Savannah Global Climate Strike seeks to involve younger people

CLIMATE CHANGE is a looming threat, but there’s still very little to no action being taken in Washington to combat this growing problem. Young people, who will bear the brunt of the change, are especially affected by this inaction.

Center for a Sustainable Coast hosts the Savannah Global Climate Strike this Saturday to get younger people civically involved.

Inspired by Fridays for Future school strikes, the Global Climate Strike is an initiative to get younger people involved in demanding change. The worldwide strike, which happens Sep. 20-27, coincides with the U.N. Climate Summit in New York.

The Climate Reality Project is also involved in the strike. James Masino works with that project, as well as the Lisa Ring Campaign. He’s also a recent SCAD graduate and, at 25, is a younger person enacting change.

We talked with Masino last week about climate change fatigue and why civic involvement is crucial.

Why did you get involved with this strike?

For me, the biggest thing I do with the strike is to get people who are not involved in activism, involved in activism. It’s a big community event; it’s a great way for someone new to learn how to register someone to vote or learn how to take political action and make political change. It’s very inclusive, it’s not something that’s beyond anyone. Especially in terms of getting students involved, somebody in a young crowd. We’re largely inheriting the climate problem, so we need to be on top of this.

You know, schools don’t teach civics anymore. They don’t teach you how to engage with your local government. They don’t teach you how to have a voice when we deserve a voice, and we should fight for that voice.

That’s part of the climate problem and why there are people who don’t believe in this stuff. It’s also because people don’t believe the actual facts. Like people who don’t believe in climate change, they just don’t understand that the amount of heat energy being released into the atmosphere every single day is equivalent to exploding 400,000 Hiroshima-class nuclear bombs. And this is in the atmosphere that, if you drove a car straight up at highway speed, you would reach the top of breathable air in five minutes. I think a lot of people assume that a nuclear attack would end the world, and it’s like, “Yeah, one’s kind of happening right now but you can’t see it.”

Those are such shocking statistics. I think people who are interested in activism have that one fact that shocks them into action.

For me, when I really became concerned was when Hurricane Matthew came through a couple years ago. I was living out in Port Wentworth and the hurricane knocked out the power. I was like, “Oh, this is kind of cool, I can sit with my cats and candles—what a novelty.” Then the power didn’t come back on for three days. Then the water shut off. It just put into perspective that we rely on so many things and all those things can be taken away very easily. If we want to be able to support the society we have, we need to be mindful with our resources and we need to know resource management. That’s something we should strive for, because it adds resilience.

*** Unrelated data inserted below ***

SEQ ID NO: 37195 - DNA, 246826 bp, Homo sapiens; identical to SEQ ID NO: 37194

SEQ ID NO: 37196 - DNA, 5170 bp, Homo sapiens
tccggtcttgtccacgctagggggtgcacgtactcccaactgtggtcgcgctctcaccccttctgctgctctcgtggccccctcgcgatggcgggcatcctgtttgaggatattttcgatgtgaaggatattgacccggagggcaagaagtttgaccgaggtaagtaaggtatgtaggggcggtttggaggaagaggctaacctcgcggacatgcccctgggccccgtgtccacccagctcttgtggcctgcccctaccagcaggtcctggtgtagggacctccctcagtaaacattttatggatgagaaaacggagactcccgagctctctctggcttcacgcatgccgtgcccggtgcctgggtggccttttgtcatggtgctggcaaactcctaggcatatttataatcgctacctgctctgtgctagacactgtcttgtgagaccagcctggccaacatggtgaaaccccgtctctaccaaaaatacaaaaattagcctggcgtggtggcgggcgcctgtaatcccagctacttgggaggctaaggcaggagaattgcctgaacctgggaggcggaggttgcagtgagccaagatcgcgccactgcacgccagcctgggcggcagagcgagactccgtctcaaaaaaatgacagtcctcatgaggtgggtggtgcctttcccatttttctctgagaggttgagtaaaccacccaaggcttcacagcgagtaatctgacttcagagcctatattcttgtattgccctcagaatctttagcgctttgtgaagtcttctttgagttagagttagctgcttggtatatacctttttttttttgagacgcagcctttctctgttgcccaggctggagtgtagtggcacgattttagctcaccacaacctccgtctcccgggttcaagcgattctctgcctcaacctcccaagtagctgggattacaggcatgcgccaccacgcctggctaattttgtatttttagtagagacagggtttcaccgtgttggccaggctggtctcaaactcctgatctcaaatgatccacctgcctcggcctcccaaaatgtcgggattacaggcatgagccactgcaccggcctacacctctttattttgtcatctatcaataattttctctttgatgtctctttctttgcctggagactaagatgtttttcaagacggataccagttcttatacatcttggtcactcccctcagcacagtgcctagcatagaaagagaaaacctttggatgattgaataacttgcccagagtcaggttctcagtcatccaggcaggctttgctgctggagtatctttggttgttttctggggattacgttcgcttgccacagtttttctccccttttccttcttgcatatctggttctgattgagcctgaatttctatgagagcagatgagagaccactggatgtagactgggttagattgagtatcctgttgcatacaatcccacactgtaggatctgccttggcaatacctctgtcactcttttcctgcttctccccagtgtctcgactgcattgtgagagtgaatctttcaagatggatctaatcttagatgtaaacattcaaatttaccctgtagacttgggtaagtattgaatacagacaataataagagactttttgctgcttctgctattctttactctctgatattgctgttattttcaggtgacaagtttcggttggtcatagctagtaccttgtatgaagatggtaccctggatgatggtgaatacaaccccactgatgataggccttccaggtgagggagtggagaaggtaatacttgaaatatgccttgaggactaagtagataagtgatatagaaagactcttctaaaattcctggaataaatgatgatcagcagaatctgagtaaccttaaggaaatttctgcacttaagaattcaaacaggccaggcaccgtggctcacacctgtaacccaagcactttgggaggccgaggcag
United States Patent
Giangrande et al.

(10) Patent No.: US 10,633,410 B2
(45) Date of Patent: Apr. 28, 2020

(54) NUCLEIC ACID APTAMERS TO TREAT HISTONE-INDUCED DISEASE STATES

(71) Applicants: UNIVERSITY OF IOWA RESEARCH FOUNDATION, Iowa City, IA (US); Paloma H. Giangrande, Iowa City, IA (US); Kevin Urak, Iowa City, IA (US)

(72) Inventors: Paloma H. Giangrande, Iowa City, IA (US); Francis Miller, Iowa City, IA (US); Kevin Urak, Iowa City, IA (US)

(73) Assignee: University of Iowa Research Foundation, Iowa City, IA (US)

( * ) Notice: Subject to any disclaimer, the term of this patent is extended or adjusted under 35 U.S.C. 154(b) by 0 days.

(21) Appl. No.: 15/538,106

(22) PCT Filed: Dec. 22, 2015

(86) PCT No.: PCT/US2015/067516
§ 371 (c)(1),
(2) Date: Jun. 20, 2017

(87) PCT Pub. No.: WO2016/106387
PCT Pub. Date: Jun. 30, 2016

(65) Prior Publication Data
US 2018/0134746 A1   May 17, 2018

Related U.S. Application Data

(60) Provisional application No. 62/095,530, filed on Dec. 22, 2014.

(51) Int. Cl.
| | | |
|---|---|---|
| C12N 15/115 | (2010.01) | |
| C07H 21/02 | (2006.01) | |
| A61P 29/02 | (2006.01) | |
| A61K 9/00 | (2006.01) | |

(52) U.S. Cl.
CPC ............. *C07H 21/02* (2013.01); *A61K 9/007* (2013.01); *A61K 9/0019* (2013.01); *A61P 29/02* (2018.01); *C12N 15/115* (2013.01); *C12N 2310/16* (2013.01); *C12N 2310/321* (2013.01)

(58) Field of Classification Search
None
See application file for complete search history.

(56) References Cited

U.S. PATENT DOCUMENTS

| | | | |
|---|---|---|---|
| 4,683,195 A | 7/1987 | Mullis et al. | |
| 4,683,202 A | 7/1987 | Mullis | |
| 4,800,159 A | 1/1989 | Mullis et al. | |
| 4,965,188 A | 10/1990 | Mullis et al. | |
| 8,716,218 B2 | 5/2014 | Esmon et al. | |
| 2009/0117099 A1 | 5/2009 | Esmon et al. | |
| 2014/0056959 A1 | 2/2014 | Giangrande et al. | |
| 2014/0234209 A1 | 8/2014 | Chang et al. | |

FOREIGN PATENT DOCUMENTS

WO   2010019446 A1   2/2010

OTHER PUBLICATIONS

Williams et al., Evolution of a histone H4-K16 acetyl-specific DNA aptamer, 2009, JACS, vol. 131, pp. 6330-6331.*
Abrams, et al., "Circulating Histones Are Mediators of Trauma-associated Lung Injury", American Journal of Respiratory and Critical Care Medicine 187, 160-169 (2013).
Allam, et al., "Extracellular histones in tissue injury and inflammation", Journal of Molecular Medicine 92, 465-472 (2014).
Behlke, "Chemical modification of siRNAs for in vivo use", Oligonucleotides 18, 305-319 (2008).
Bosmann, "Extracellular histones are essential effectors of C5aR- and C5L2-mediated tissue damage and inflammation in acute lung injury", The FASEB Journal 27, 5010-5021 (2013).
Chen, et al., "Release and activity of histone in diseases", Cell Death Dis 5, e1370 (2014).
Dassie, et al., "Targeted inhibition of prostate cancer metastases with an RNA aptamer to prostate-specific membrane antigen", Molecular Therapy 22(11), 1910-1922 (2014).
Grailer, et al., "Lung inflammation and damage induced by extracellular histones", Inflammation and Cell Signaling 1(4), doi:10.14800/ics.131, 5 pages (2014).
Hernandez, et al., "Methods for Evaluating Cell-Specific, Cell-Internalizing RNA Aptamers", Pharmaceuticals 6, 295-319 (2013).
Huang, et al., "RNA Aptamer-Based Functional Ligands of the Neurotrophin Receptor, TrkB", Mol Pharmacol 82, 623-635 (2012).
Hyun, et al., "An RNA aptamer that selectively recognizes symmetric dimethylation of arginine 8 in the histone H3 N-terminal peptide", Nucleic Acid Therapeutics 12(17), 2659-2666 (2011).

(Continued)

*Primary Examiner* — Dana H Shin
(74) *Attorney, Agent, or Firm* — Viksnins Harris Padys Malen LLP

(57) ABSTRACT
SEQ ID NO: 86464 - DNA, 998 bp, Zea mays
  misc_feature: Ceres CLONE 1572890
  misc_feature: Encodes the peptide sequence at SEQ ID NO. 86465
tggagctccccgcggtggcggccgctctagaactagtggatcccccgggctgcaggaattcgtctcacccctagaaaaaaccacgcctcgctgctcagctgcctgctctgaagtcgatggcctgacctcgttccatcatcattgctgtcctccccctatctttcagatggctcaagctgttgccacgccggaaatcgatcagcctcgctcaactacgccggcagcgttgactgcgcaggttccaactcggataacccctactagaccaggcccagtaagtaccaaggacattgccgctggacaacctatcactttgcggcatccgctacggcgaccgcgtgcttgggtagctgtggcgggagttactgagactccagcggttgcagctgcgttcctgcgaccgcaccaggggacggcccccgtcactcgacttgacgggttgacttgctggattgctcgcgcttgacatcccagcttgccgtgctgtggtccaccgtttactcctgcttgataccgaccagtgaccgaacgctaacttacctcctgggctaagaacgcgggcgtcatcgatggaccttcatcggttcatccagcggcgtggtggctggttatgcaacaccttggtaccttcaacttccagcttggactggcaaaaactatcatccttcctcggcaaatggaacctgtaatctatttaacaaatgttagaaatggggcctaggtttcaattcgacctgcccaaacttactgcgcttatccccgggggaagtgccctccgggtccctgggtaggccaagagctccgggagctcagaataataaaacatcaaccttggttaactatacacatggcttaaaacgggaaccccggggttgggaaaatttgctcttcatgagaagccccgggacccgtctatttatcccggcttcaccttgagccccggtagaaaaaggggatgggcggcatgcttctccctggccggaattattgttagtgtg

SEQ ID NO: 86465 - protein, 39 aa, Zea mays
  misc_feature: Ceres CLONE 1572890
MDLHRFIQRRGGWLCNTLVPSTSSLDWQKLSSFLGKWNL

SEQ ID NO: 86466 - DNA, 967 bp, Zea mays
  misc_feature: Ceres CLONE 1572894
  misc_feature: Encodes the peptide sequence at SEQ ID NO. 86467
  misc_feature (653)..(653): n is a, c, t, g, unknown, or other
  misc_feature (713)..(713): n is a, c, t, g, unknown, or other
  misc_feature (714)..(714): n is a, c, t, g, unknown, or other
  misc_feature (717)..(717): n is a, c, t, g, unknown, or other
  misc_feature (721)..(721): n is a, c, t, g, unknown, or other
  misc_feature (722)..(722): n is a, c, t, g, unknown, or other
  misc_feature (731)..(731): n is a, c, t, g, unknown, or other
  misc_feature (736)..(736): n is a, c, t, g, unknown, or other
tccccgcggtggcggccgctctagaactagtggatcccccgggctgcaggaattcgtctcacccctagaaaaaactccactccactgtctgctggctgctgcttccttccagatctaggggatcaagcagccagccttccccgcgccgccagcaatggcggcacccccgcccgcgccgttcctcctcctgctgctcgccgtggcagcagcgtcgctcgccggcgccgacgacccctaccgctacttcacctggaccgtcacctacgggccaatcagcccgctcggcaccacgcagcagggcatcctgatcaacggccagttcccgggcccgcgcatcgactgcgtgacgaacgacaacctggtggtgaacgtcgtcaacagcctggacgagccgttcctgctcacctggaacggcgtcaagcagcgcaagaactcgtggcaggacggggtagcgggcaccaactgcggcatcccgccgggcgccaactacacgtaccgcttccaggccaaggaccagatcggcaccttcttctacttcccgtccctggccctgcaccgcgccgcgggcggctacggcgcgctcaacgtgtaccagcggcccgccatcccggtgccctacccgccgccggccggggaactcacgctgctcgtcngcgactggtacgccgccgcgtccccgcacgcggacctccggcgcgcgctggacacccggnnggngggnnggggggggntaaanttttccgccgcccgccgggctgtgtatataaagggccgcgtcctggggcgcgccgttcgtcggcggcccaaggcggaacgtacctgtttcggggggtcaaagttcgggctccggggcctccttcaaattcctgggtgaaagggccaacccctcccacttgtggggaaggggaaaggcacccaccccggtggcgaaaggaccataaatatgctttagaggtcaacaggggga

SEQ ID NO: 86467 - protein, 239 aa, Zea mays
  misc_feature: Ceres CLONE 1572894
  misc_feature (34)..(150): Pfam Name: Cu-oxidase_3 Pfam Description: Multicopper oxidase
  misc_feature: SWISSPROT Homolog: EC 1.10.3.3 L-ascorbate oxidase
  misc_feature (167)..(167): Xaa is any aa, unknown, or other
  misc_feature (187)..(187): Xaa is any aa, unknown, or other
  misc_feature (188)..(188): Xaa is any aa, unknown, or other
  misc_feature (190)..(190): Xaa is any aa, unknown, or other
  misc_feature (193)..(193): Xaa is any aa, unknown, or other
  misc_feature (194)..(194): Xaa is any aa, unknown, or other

Especially the coast of Georgia. If we decentralize our power grid on the coast with apartment complexes filled with solar panels, if we get hit by a hurricane, we’re more resilient. We’re going to have our power back up immediately, and it’s also cleaner, more productive power.

As much as climate is an urgent issue that will change the way we live, it doesn’t have to be for worse. We just can’t be sitting on the sidelines. We have to be, and we should be, leaders.

Do you think people are experiencing climate change fatigue?

It’s an issue that’s so expansive, it’s really hard to summarize for people. When you hear it a lot—“We should be urgent,” or, “We’re having a strike,” then another strike, then another strike—sometimes it does feel like a lost cause. That’s because I think we have a responsibility to start revoking power from the people that hold it. We’re not getting the change fast enough. Even with the strike, I think the strike is going to raise a lot of awareness, but we’ve got to do even more than that. We have to recall city officials that won’t acknowledge this problem, because at the end of the day, they’re doing a disservice to everyone.

Climate change is also considered by the Pentagon one of the greatest national security threats already. To put this in perspective, if we reach by 2050 over a three- to four-degree average temperature rise, that means you cannot grow food on the equator. Last time I checked, there were over a billion people on the equator, and if you didn’t like the migrant caravan, you’re not going to like the country of India trying to come over tomorrow [laughs].

Why is voting locally so important?

We can’t afford to send politicians to Washington that act like this. We can’t have these very irresponsible people in these very high-powered positions. People need to vote down the ballots every single election. They have to vote for every single thing. If we really want to create great change, learn how to help people register to vote. If you can get ten other people to vote this next election, if everyone did that, we’re going to start seeing real change.

Who should come to the strike?

Anyone and everyone should come and meet some local leaders, meet some people who are engaged with activism. Come if you’re a student, but come if you’re old, too. Students need that support. We need the support of all sections of the elector to get that change. It won’t happen if there’s someone on the sidelines. Even conservatives who are skeptics on this issue, I invite them to come. Let us tell you the urgency of this. Also, let’s talk about the economic benefits. If that’s the one thing you care about, there’s a ton in it for you.


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